Wednesday, October 10, 2012

Raising Lambs for the Slaughter

If there's one thing that non-writers don't get about writers (and trust me, they don't get an awful lot), it's how exhausting writing can be.
It all seems rather simple. Sit down and write. Voila! Instant story. Only that's not how it works. An author, in my opinion, has to have a certain insightfulness. They have to be empathetic. They have to be able to feel everything their characters feel, in order to do them proper justice.
And if you are an evil writer, a writer who likes to put their characters through the ringer, that can be a dangerous thing. You have to open yourself up to anger and fear and shame and all sorts of psychically draining feelings. And once you put the pen down, you need to learn how to shake off those emotions and get back to reality. This is why most authors have little strange rituals, both to help them get into the zone and to get back out of it. Everyone is unique, so what works for me, won't necessarily work for you.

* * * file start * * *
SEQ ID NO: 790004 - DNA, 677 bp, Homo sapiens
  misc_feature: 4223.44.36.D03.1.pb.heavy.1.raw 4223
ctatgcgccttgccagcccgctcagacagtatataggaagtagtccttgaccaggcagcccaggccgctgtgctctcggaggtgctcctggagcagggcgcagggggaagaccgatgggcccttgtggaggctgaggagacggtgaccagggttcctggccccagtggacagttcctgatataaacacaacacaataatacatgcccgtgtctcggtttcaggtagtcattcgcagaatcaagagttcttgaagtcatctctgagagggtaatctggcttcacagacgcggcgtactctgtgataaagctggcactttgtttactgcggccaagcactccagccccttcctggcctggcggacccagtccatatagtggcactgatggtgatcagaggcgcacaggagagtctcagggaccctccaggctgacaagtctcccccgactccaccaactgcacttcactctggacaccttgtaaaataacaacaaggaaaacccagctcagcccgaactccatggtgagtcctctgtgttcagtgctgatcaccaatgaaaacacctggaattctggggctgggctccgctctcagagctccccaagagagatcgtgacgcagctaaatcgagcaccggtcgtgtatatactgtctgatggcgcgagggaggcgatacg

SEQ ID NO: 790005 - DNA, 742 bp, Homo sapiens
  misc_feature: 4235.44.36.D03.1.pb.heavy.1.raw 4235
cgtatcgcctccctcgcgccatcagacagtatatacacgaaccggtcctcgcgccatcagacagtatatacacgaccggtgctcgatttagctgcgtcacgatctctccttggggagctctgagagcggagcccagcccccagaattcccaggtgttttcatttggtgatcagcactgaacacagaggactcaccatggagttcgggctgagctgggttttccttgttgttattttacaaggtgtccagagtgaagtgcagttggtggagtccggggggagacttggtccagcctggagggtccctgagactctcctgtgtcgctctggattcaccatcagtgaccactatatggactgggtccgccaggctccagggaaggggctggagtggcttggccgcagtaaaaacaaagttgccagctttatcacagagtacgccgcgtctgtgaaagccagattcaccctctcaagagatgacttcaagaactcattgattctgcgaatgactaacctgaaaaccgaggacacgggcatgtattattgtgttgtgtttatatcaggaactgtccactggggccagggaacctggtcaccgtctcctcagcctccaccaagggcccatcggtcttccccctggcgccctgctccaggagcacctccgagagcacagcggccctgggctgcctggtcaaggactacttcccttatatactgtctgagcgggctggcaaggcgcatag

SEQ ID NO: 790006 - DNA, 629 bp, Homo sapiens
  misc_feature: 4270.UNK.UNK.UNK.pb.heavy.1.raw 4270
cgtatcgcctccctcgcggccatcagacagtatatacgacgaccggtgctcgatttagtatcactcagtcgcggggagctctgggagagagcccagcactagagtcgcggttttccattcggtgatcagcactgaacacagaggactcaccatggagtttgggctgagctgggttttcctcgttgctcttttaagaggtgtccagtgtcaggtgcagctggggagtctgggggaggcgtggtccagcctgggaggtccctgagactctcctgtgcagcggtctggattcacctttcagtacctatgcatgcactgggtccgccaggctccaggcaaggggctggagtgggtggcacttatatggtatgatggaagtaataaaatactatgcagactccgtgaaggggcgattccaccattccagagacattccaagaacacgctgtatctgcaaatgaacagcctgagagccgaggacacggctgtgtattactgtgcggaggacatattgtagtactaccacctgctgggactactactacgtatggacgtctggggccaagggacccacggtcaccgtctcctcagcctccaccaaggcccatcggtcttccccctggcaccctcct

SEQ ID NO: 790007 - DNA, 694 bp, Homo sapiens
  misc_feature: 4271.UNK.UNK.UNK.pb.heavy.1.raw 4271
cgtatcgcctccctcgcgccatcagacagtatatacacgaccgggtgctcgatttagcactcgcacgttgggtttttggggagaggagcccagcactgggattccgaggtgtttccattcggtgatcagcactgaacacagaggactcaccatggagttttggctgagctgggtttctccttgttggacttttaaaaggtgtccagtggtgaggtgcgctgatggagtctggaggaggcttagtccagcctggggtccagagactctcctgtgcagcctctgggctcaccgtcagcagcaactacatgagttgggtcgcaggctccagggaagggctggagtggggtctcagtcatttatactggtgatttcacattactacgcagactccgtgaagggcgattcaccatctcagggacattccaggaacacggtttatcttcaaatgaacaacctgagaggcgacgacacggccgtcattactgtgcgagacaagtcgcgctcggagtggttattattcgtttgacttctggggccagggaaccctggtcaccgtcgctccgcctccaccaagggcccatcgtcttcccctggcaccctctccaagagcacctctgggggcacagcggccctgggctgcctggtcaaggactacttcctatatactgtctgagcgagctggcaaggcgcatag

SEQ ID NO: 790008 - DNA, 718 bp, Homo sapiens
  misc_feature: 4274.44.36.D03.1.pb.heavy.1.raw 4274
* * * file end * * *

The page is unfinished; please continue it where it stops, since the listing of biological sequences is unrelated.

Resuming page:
The message I want to leave you with is to let go and explore these emotions as they come to you. Your story will be richer for them. But once the book is done, you need to kill those emotions, because the next step of writing--editing--needs to be as emotionless as possible. And nothing will hurt your story more than you being overly attached to it.
Remember: writing a story is an art form. Publishing a story is purely cold, calculating business.

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